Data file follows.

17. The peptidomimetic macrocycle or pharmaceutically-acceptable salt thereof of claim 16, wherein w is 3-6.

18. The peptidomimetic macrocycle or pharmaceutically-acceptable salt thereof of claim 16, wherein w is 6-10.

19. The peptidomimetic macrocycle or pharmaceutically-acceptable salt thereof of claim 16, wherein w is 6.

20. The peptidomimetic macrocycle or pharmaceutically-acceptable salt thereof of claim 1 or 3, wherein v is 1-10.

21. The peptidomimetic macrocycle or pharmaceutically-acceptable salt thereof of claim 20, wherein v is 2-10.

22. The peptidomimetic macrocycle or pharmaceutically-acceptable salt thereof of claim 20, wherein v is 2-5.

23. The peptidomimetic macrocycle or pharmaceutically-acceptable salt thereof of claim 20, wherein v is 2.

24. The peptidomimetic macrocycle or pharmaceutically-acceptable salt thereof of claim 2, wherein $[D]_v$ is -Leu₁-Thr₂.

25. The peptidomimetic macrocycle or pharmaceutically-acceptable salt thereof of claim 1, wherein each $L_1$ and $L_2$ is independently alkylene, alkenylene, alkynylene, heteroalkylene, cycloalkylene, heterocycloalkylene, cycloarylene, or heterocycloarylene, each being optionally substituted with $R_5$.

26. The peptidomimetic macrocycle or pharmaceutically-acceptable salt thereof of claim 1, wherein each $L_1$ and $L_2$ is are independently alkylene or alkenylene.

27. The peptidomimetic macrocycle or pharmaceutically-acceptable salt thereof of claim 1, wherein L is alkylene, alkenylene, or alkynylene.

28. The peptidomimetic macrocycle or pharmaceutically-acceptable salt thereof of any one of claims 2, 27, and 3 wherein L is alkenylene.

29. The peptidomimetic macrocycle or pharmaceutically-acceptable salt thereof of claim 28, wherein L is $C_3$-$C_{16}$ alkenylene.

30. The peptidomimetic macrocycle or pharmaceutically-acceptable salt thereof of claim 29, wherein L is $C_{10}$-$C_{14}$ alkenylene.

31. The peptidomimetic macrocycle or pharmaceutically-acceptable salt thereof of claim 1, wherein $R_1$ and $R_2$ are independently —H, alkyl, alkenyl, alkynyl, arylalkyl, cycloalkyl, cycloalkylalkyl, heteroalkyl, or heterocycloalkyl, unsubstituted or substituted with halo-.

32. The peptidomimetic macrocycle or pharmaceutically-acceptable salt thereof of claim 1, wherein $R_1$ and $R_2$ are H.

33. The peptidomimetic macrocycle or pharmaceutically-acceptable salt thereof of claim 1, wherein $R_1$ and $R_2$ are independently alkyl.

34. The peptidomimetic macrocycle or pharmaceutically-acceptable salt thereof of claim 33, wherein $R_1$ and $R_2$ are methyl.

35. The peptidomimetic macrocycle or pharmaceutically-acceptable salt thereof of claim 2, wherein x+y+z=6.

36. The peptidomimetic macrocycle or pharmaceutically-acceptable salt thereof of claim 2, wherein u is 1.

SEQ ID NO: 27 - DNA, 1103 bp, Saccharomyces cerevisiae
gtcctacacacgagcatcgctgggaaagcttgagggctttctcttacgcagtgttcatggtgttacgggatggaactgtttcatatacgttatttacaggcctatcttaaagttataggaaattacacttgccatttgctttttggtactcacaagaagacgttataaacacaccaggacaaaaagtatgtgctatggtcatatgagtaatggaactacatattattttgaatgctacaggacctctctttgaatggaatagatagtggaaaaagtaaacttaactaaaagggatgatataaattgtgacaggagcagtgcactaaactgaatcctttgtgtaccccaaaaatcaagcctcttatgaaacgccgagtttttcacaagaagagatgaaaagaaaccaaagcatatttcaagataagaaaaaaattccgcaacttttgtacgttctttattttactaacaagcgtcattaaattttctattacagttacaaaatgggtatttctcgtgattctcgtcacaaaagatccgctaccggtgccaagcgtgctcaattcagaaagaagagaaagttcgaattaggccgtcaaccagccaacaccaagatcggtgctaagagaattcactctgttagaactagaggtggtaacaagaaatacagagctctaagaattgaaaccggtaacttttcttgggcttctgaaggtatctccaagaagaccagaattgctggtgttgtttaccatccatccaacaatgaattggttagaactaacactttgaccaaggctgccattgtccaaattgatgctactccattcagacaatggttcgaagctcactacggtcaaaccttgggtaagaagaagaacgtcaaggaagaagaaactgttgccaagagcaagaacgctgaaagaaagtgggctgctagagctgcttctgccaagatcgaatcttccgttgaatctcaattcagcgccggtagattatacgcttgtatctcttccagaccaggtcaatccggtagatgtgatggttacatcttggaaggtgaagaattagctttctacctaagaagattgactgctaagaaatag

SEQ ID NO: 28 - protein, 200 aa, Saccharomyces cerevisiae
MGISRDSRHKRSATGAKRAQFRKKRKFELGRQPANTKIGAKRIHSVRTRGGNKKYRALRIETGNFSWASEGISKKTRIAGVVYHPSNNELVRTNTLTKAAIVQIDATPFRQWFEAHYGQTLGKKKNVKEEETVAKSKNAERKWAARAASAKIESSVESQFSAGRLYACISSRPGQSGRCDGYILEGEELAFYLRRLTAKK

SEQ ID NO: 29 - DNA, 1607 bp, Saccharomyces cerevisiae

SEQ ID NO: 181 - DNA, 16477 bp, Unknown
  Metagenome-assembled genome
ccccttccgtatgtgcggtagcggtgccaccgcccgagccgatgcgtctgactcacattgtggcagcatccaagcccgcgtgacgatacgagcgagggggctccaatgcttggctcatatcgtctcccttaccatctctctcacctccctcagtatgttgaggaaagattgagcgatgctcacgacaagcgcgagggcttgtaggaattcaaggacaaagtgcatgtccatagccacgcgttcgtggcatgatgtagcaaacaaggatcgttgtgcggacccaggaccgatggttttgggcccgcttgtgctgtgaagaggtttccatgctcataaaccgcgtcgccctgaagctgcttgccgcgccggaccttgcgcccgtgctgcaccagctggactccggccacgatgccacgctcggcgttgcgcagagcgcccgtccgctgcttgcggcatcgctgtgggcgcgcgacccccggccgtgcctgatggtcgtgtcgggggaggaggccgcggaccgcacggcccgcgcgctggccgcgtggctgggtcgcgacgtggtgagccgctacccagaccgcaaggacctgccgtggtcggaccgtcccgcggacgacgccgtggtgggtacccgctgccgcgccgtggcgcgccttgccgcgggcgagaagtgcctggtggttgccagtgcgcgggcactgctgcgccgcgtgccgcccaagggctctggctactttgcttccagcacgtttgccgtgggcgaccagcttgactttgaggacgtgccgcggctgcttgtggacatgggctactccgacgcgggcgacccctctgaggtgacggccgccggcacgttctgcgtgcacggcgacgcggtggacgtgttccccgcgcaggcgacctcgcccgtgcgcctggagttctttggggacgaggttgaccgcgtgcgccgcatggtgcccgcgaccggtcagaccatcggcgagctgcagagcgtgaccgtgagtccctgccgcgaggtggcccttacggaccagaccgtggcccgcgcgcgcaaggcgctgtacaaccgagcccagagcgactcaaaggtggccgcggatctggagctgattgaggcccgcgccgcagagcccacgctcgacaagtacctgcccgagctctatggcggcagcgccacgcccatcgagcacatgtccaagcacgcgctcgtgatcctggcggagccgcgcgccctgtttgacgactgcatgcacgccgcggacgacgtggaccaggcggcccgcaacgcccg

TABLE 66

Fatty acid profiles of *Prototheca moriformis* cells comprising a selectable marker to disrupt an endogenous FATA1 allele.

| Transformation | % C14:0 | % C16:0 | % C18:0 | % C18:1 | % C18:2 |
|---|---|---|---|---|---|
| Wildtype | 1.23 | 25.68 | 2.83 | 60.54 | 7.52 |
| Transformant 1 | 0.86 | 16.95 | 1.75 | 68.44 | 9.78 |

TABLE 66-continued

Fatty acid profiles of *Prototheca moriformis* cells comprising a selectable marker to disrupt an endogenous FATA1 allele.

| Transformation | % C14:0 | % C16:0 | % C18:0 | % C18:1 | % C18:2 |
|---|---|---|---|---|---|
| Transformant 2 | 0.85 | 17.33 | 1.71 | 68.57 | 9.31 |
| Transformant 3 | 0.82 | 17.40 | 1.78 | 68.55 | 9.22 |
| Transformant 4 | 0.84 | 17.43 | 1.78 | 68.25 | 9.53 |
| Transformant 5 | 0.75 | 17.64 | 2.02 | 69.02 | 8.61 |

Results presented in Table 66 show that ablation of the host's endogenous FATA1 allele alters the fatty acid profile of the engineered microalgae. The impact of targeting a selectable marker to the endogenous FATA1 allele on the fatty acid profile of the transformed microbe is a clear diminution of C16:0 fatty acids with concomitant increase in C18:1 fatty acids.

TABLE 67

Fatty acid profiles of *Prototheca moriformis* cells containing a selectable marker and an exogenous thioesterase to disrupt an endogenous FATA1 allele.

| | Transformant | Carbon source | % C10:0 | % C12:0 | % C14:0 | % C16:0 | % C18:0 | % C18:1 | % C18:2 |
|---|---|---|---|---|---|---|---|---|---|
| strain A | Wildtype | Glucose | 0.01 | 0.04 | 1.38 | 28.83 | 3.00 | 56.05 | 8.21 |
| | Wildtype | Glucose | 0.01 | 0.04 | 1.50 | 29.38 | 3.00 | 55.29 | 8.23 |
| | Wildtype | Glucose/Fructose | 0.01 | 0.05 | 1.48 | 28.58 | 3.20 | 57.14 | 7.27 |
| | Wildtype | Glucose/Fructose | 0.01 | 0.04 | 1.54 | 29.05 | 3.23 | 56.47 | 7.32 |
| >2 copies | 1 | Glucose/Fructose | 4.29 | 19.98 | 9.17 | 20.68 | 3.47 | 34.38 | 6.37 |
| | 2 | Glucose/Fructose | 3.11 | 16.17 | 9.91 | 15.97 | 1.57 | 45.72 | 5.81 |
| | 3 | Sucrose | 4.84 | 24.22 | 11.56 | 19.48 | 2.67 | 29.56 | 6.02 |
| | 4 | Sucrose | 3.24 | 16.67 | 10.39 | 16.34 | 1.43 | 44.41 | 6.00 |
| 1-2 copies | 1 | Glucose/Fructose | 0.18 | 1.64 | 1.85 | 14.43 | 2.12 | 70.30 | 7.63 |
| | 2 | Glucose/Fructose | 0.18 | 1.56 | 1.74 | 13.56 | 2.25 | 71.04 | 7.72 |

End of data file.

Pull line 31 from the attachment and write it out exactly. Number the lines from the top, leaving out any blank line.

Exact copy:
| Transformation | % C14:0 | % C16:0 | % C18:0 | % C18:1 | % C18:2 |